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Chapter 1. Project Management and the Problem of Politics - Pg. 1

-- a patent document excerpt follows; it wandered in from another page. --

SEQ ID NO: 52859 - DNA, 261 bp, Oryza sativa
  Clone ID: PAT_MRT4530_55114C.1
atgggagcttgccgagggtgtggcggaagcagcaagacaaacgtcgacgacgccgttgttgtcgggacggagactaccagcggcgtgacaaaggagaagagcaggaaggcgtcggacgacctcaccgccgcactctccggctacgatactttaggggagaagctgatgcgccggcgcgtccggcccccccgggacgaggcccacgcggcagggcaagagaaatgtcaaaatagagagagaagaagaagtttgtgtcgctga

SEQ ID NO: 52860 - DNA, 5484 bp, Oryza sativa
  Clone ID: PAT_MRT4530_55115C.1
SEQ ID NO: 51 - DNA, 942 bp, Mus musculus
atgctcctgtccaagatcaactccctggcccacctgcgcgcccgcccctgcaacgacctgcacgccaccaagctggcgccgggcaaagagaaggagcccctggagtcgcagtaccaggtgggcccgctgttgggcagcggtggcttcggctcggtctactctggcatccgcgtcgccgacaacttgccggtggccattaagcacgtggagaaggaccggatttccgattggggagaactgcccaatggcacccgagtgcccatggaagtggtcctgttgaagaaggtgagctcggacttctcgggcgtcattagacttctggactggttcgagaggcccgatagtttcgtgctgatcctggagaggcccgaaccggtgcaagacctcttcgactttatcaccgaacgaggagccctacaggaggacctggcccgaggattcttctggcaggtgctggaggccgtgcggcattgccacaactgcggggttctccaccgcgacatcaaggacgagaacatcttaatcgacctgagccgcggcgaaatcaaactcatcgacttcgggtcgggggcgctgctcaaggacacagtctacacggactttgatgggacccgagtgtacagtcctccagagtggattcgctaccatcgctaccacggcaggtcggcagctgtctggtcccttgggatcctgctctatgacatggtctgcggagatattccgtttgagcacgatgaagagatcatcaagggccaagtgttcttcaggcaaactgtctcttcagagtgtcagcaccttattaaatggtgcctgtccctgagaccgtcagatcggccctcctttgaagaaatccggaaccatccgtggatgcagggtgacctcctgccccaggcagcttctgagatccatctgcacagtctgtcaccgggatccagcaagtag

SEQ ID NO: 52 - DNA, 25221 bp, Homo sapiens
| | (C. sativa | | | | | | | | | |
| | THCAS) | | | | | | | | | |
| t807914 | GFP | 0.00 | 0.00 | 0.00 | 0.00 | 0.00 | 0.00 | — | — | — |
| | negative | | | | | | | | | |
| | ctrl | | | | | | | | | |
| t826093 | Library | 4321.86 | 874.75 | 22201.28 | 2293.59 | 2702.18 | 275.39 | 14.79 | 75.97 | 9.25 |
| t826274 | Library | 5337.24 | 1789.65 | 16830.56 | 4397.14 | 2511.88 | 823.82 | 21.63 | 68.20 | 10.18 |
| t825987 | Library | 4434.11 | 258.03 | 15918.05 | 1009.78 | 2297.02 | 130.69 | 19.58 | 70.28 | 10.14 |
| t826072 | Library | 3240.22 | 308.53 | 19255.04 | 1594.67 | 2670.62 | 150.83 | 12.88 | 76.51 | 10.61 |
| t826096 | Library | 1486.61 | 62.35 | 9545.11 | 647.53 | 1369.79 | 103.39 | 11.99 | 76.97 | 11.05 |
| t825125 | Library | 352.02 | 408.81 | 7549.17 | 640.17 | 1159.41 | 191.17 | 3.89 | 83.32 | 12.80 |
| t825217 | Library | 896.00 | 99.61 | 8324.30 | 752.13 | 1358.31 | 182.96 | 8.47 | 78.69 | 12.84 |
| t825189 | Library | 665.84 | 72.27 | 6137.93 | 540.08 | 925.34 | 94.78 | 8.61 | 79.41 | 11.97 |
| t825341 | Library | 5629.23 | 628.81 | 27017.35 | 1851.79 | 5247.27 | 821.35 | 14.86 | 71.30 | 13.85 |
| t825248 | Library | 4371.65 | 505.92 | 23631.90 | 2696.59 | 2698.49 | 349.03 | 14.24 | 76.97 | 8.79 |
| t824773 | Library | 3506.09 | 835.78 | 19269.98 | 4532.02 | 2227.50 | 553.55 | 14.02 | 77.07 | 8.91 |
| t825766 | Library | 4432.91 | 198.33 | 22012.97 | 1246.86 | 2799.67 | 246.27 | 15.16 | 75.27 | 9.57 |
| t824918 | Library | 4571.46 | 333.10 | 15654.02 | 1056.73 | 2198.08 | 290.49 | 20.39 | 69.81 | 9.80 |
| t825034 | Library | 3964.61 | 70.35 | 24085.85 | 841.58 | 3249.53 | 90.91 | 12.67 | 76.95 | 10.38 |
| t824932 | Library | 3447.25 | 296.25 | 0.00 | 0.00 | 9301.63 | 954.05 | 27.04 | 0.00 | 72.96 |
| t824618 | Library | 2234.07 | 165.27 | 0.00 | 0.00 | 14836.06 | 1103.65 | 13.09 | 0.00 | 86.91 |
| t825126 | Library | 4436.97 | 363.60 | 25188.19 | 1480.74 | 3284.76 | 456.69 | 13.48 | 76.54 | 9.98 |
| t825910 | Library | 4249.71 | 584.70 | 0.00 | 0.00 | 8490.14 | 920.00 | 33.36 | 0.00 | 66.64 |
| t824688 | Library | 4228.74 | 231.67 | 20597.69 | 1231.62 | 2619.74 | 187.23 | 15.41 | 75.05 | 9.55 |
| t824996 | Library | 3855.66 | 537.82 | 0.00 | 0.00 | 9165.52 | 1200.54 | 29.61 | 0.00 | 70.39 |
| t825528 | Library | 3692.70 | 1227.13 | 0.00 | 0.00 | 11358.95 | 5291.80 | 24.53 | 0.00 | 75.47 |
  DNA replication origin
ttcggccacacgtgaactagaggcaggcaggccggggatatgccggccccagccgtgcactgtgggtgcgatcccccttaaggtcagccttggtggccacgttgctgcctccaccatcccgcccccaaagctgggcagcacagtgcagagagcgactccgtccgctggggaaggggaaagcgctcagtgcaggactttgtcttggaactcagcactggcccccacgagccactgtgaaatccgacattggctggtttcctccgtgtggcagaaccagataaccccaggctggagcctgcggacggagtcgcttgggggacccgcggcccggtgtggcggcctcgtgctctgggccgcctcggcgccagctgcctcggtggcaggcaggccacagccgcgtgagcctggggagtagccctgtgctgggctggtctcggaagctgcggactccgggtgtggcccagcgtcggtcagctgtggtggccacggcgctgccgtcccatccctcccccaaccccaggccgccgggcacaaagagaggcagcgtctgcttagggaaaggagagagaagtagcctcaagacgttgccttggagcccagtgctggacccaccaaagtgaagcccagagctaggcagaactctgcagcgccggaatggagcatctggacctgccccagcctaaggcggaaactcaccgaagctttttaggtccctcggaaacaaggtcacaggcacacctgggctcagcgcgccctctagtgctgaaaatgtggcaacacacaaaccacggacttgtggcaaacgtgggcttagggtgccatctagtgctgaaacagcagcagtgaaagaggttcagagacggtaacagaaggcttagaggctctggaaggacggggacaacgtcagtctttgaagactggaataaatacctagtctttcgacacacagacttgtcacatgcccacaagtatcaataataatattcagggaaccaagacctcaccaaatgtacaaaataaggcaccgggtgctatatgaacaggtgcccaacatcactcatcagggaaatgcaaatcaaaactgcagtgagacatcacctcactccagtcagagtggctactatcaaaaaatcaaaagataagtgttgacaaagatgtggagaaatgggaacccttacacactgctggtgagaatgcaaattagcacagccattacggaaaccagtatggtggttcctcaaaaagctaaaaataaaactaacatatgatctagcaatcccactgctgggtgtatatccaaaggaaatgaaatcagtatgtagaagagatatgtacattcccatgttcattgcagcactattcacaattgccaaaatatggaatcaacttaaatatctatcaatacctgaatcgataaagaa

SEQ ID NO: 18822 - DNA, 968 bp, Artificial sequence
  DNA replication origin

1 Chapter 1. Project Management and the Problem of Politics Tim Robinson has a problem. Sitting at his desk after yet another in a seemingly endless round of project planning meetings, he is beginning to wonder if his project will ever get off the ground. Tim, a bright young engineer, two years out of graduate school, is excited about his job as a software engineer with a major computer manufacturer. He has worked on several project teams since he joined the firm, and less than three months ago was given his first project to manage. The project, an upgrade of a popular system integration program, was considered important but not overly dif- ficult to manage. Now, reflecting on recent events, Tim is not sure if it is even possible to complete the upgrade. Problems started almost immediately after Tim was assigned the task of running the project. He set up a series of meetings with senior managers to get their support for the project and commitment of their personnel to staff the team. Quickly it became clear that, while never being overtly hostile, the managers--by and large--viewed his project as intrusive and were reluctant to commit them- selves or their resources to his goals. Tim's frustrations were encapsulated in a recent conversation with a senior manager in the diag- nostics department. Diagnostics, charged with debugging all program code, is integral to the suc- cess of the program upgrade. Sitting at his desk, reflecting back on his rather one-sided conversation with Ed, the diagnostics manager, Tim felt bewildered and angry by the messages he received. Tim told Ed, "I have to get a firm commitment from you for two of your people before we can kick off the upgrade project. The preliminary schedule I sent you last week shows they will need to be available on more or less a full-time basis within a month of project start-up." "Well, Tim, the problem is that you're doing this at a real busy time in my schedule," Ed replied. "I'm already running these people at 40-plus hours per week and we're already committed to a full slate of projects into the early part of the fiscal year." "Ed, I appreciate your concerns," Tim said, "but the folks at the top want this project to move fast. You know if we don't meet the September launch window we lose any market advantage the up- grade could give us." Ed, clearly becoming irritated, said he knew the schedule, thought it was totally unrealistic and made clear he wouldn't "give up two of his people on a full-time basis when (Tim) whistle(s) for them." Trying to control his mounting frustration, Tim replied, "Look, Ed, I know you have your hands full, but if we don't get this project moving, top management is ..." "Is what?," Ed interrupted. "You keep referring to top management. Who are you talking about? Who's backing this project?" "Well, you know," Tim tried to explain, "upper management wants this upgrade on the market as fast as ..."